In an effort to wake up a sleepy Haddon Avenue on a traditionally lost Saturday night, borough businesses are throwing a new street-fair showcase August 19.
By Matt Skoufalos | August 18, 2017
The summer months are typically tough on local businesses, as foot traffic becomes flip-flop traffic, and shoppers take their disposable income out of town for a couple weeks.
To compensate, August is often a month of sidewalk sales and street fairs, like this weekend’s Collingswood Crafts and Fine Arts Festival, which shuts Haddon Avenue to through traffic Saturday and Sunday.
This year, the Collingswood business improvement district (BID) is trying to drive some efficiencies from that road closure, which store owners say typically deters evening foot traffic after the fair closes Saturday afternoon.
“Business owners said it’s really quiet that night,” said Cassandra Duffey, Collingswood Director of Community Development. “We started thinking about the best way to showcase our businesses on what’s essentially an empty Haddon Avenue.”
The idea of a sidewalk sale quickly ballooned into a four-hour special event that the BID has branded as its first-ever Collingswood Night Market.
Built around an impulse to drive shoppers “to sort of ping-pong down the avenue,” the event includes a pair of lawn-chair concerts (Rabbit Stampede and The Christopher Davis-Shannon Quartet), a throwback movie showing (The Sandlot), and a dance party at Haddon and Collings Avenues, Duffey said.
“We wanted stuff to keep people moving and to encourage different types of people—shoppers, families, folks who want to enjoy music, people who want to work out,” she said.
“The BID then had business owners who were thinking creatively about how to get involved. This event is all about showcasing them.”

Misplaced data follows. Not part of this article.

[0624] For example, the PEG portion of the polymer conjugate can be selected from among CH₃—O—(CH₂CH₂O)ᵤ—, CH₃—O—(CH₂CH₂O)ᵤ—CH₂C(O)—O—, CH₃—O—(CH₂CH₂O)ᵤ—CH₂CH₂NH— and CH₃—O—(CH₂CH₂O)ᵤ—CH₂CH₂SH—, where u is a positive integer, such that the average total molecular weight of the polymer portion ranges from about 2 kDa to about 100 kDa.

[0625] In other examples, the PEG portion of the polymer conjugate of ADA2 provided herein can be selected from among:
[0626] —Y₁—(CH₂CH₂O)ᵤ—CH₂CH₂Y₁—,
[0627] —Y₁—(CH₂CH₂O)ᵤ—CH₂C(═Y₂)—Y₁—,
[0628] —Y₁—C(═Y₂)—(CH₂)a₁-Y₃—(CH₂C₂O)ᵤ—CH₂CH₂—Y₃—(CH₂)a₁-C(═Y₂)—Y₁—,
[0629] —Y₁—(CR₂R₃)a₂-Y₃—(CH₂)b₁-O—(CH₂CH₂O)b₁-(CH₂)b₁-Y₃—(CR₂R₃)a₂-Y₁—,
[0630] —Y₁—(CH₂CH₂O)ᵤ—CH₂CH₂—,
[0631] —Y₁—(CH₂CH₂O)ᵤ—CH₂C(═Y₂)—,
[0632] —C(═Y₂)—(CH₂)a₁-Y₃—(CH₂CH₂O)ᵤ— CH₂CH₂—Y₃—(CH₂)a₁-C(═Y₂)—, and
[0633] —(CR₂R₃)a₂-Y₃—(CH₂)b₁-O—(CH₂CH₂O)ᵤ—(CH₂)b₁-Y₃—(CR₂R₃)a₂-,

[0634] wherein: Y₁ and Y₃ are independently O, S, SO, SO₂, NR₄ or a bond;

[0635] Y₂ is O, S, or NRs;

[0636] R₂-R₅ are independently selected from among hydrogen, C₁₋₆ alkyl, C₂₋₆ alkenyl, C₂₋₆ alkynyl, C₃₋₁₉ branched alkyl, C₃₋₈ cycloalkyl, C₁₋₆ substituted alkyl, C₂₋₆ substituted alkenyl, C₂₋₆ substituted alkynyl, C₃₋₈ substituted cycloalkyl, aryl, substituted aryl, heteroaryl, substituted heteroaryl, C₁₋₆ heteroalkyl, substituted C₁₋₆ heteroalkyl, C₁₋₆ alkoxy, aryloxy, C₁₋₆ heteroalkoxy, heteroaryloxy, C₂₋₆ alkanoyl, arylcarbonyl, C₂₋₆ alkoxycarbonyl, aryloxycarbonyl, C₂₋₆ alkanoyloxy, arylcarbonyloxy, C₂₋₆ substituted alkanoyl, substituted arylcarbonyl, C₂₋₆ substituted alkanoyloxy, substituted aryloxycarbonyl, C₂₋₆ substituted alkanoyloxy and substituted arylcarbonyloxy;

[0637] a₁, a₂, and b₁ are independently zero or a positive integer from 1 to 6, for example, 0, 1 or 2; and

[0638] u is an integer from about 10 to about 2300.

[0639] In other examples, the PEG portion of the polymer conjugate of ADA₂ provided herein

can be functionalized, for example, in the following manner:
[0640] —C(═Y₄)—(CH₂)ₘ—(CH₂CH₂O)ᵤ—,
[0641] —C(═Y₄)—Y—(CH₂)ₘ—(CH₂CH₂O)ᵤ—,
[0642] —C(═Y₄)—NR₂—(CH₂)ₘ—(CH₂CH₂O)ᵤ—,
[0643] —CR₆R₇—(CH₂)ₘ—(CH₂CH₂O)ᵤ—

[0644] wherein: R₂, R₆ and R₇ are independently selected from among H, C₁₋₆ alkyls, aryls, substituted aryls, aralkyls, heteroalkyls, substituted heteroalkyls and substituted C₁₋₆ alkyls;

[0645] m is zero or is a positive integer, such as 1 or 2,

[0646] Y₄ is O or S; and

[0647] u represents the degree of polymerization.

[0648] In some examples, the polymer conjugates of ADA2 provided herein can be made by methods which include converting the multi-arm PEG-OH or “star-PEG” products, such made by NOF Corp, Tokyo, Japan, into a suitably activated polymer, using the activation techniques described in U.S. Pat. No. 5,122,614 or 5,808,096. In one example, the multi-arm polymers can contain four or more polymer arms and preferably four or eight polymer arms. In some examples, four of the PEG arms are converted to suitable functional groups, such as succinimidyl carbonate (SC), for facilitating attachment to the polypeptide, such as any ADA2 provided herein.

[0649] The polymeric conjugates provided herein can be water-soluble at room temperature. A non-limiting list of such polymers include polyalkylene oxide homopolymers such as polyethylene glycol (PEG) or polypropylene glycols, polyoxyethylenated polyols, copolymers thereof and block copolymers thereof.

Upcycle will take riders outside for a Bluetooth-headset silent cycle, while Yogawood leads an all-ages class on Powell Lane.
On the garden patio of The Painted Cottage, Ethos Physical Theatre will deliver a special aerial circus performance sponsored by Dig This, which is hosting an Atari party in its furniture showroom next door; up the block, Galerie Marie is having a story slam.
There’s family game night at ExtraordinaryED and family movie night in the lot next to Grooveground Coffee Bar. McGarry’s Jewelers is offering free appraisals, and across the street at Frazer Avenue, early birds can meet the owners of Hearthside restaurant.
Dig This owner Reed Orem said he’s pleased with the buy-in from his fellow BID members for the Night Market, and he credited its younger members for their impulse to try something new.
“I think the newer businesses realize that there has to be more synergy to succeed because we have a shorter window to find success,” Orem said.
“Younger people and younger businesses realize we’ve got to find ways to make our name pop out, because we’re competing against Amazon as much as we’re competing against Philly.”
One of them is Orem’s new neighbor, Sara Villari, who opened a second location of her Philadelphia gift shop, Occasionette, in Collingswood this month.
For businesses as new as hers, “there really haven’t been any gravy years, Villari said.
“We’ve always had the Internet to compete with, and we’ve always had a tough economy to compete with,” she said.
On Passyunk Avenue, an uptick in after-dinner foot traffic has been worth keeping the doors open until 8 p.m., and Villari said it’s been the same on Haddon Avenue. She hopes the Night Market will give shoppers “a reason to stick around and see what Collingswood has to offer” after typical office hours.
“People take their time walking up and down the street, and it’s a lot to look at,” Villari said. “[Later hours] gives them some extra time.”
If the Night Market finds an audience among shoppers, it’ll find support at the BID, where Duffey said there’s “as strong a sentiment as ever to provide programming that benefits the community and is responsive to their wants.”
“People find this amazing, but the [Collingswood] farmers market was started by people who wanted a farmers market, and put their time and energy behind it,” she said.
“It benefits all of us to stick together and communicate, and [to] pay attention to what each other are doing, and participate,” she said.
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